Software developer Elektrobit Corp. will collaborate with Freescale Semiconductor Inc. and QNX Software Systems Ltd. to create reconfigurable digital instrument clusters for the auto industry, the companies said this week.
The project aims to allow an automaker, based on the preferences of its target buyer, to set up the display of instrument-gauge data, such as speed and rpm, and infotainment data, such as navigation maps or projections from a rear-view camera.
In addition, consumers could customize their instrument panels to a limited degree, adjusting the pattern, color or font.
A customer also could enable or disable certain features. For example, one feature is a speed warning alert system favored by parents of teenage drivers. It warns the driver if the car goes faster than a specified speed. But the driver can turn the device on and off.
Automakers also will be able to design and engineer digital instrument clusters with 2- and 3-D graphics, video, voice recognition and other features.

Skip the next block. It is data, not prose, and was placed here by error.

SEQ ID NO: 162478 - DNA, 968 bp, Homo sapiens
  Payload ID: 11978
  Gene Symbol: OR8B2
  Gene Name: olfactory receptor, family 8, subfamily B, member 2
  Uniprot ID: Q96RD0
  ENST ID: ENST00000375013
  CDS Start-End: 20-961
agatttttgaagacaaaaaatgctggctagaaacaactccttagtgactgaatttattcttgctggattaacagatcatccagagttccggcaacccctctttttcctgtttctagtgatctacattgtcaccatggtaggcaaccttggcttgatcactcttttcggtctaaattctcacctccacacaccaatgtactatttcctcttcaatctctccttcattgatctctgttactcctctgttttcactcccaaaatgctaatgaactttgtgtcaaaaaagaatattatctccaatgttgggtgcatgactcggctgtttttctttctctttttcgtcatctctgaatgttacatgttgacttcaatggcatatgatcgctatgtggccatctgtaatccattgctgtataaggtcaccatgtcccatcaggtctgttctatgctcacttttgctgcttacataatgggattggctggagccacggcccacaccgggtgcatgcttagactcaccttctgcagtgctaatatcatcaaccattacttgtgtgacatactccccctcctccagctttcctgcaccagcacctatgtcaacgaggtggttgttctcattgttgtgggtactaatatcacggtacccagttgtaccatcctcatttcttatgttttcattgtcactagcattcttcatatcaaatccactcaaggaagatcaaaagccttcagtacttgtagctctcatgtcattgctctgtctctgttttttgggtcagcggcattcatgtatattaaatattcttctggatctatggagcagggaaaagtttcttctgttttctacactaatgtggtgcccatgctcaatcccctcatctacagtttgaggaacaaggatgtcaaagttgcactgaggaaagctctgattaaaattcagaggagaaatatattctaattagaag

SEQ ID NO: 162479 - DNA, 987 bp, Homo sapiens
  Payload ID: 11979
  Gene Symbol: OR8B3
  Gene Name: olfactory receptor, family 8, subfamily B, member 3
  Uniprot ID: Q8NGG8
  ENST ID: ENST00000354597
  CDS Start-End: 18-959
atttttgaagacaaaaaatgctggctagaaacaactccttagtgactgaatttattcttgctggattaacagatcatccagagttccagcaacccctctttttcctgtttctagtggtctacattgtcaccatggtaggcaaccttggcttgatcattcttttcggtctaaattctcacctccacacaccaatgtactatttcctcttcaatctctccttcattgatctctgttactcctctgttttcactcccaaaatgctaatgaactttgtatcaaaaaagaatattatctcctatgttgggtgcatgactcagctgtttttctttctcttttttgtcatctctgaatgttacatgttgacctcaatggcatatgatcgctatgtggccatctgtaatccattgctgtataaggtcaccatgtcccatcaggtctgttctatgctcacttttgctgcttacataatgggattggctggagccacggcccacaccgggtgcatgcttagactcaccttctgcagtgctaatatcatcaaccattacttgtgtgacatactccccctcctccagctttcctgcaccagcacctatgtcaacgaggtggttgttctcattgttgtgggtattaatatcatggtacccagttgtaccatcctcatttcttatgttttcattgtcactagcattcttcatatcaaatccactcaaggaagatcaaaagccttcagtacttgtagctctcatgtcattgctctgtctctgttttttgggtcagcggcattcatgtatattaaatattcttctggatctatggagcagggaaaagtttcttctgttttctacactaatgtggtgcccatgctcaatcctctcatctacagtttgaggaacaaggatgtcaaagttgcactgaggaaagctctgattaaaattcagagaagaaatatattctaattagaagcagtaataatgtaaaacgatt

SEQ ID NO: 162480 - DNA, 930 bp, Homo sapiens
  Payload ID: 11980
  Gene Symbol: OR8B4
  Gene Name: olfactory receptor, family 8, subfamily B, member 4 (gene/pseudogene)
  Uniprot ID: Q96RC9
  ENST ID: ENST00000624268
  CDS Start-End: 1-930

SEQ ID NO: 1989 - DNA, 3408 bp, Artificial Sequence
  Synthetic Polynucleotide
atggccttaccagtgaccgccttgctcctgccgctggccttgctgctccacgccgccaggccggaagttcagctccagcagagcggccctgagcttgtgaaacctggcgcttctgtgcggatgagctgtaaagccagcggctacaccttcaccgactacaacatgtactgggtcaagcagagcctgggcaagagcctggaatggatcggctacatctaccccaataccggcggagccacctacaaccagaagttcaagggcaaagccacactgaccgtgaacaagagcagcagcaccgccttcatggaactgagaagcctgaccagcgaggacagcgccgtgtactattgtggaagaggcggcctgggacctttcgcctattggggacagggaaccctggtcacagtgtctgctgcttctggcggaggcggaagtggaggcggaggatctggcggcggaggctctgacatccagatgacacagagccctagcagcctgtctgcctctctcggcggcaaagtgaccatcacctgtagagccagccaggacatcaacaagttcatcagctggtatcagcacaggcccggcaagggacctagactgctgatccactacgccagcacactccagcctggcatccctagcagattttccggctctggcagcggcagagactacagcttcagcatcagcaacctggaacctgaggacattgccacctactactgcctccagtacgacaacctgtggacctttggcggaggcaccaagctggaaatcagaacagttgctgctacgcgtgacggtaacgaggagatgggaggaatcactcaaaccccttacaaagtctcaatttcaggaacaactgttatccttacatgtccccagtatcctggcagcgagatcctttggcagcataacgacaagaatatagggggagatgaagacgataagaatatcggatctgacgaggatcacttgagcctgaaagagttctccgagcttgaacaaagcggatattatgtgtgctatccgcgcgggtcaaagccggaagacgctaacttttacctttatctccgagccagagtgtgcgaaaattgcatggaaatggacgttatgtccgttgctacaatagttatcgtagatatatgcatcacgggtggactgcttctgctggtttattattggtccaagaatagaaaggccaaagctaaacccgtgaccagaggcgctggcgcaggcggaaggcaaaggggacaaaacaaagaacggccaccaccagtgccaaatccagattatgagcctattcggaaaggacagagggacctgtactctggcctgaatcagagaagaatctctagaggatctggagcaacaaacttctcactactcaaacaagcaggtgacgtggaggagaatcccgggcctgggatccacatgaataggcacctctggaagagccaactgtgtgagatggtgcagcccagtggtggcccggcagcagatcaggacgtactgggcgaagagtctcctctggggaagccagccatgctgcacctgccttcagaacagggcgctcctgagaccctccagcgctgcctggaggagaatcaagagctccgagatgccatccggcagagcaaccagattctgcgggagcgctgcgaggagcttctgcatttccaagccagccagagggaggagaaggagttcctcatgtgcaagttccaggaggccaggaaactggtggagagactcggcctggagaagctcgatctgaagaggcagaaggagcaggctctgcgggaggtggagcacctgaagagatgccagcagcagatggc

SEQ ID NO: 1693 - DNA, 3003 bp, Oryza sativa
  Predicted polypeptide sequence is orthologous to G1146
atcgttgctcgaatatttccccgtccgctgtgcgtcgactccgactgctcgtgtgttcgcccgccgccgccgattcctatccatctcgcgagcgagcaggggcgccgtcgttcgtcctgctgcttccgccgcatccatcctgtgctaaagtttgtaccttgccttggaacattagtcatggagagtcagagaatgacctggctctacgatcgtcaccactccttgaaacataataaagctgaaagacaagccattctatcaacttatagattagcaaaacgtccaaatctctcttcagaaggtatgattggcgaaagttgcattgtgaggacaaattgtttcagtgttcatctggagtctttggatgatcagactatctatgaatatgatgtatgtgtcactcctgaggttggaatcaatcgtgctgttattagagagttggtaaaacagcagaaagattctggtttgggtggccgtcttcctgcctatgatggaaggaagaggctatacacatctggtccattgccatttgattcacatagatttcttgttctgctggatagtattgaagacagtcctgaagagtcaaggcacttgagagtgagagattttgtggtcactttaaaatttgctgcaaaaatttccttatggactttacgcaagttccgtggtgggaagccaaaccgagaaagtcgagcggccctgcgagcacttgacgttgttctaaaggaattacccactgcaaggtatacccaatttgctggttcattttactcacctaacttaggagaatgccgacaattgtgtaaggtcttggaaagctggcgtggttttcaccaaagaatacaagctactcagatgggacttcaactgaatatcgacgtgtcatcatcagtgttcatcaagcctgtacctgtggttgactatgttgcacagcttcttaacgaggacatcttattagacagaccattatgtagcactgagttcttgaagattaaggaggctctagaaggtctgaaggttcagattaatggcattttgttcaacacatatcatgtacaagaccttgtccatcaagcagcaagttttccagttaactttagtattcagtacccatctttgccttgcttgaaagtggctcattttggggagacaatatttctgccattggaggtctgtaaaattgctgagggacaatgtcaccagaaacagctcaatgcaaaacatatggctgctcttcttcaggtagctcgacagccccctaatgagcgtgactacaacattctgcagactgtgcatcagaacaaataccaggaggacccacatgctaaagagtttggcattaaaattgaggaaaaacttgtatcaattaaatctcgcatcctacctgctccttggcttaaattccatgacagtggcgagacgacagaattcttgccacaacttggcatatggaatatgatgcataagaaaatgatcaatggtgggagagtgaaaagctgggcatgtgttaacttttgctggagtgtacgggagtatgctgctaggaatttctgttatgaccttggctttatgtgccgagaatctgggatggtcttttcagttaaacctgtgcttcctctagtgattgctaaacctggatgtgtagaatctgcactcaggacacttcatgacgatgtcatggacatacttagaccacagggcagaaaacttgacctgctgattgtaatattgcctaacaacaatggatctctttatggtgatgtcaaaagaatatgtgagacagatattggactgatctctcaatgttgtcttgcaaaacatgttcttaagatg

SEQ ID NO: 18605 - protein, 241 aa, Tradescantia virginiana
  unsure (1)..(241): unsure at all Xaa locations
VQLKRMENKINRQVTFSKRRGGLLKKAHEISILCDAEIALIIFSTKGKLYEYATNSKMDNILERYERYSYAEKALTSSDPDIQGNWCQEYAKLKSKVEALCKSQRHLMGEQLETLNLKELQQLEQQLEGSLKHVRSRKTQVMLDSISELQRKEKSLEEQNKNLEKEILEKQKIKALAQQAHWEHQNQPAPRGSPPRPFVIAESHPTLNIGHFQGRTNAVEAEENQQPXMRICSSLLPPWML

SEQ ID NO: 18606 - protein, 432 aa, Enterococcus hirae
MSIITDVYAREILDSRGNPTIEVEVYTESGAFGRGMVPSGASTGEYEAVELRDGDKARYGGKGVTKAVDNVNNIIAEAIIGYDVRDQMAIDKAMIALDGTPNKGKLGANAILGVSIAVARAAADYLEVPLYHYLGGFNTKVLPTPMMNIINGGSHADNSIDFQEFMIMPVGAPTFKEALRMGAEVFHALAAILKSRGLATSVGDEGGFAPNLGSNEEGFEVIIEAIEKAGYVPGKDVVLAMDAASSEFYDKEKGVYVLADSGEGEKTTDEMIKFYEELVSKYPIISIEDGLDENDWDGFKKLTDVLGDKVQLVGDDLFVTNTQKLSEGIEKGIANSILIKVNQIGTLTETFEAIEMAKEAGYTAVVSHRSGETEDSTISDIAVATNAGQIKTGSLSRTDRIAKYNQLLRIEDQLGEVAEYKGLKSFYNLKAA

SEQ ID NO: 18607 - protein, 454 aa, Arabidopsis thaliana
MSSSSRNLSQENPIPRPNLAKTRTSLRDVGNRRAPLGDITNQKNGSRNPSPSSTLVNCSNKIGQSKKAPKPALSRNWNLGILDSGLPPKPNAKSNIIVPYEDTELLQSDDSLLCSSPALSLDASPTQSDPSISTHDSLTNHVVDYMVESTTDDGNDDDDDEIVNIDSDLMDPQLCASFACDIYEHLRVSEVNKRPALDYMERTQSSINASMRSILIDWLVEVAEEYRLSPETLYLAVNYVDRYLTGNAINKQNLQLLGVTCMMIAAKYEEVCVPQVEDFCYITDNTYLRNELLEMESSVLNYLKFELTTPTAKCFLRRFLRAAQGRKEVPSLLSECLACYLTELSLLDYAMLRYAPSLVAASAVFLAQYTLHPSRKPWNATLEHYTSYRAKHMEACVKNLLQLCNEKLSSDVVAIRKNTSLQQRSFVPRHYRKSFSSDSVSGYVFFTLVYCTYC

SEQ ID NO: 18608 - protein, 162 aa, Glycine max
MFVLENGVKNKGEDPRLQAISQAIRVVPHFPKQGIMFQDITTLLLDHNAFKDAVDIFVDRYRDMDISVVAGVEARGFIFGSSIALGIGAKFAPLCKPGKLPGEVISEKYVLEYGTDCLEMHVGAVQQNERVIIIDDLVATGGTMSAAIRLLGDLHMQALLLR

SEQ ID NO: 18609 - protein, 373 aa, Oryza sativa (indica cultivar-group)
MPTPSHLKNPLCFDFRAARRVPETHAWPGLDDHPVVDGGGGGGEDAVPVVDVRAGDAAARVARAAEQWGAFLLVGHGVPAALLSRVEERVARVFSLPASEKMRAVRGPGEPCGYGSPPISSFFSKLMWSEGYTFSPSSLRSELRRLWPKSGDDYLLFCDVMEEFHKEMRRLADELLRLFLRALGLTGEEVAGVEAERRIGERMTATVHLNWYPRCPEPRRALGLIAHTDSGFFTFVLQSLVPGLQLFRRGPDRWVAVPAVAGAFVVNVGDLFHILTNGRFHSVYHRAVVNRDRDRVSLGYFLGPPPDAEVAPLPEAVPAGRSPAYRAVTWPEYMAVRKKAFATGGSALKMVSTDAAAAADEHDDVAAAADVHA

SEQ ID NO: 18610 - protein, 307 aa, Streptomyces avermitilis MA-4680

Elektrobit, of Oulu, Finland, is in talks with several automakers and expects one or more of them to be using the software by year end.
The products will consist of Elektrobit software, Freescale processors and QNX real-time operating systems and graphic drivers.
Freescale, of Austin, Texas, is the former semiconductor operation of Motorola Inc.
QNX Software Systems, of Ottawa, Ontario, is a subsidiary of Research in Motion Ltd., maker of the BlackBerry smart phone.
QNX says its communications operating system, QNX Neutrino RTOS, is installed on 20 million vehicles, including General Motors vehicles with OnStar technology. The product was launched eight years ago.
Other automotive customers are Acura, Audi, BMW, Chrysler, Daewoo, Hyundai Mobis, Land Rover, Porsche, Renault-Samsung and Saab.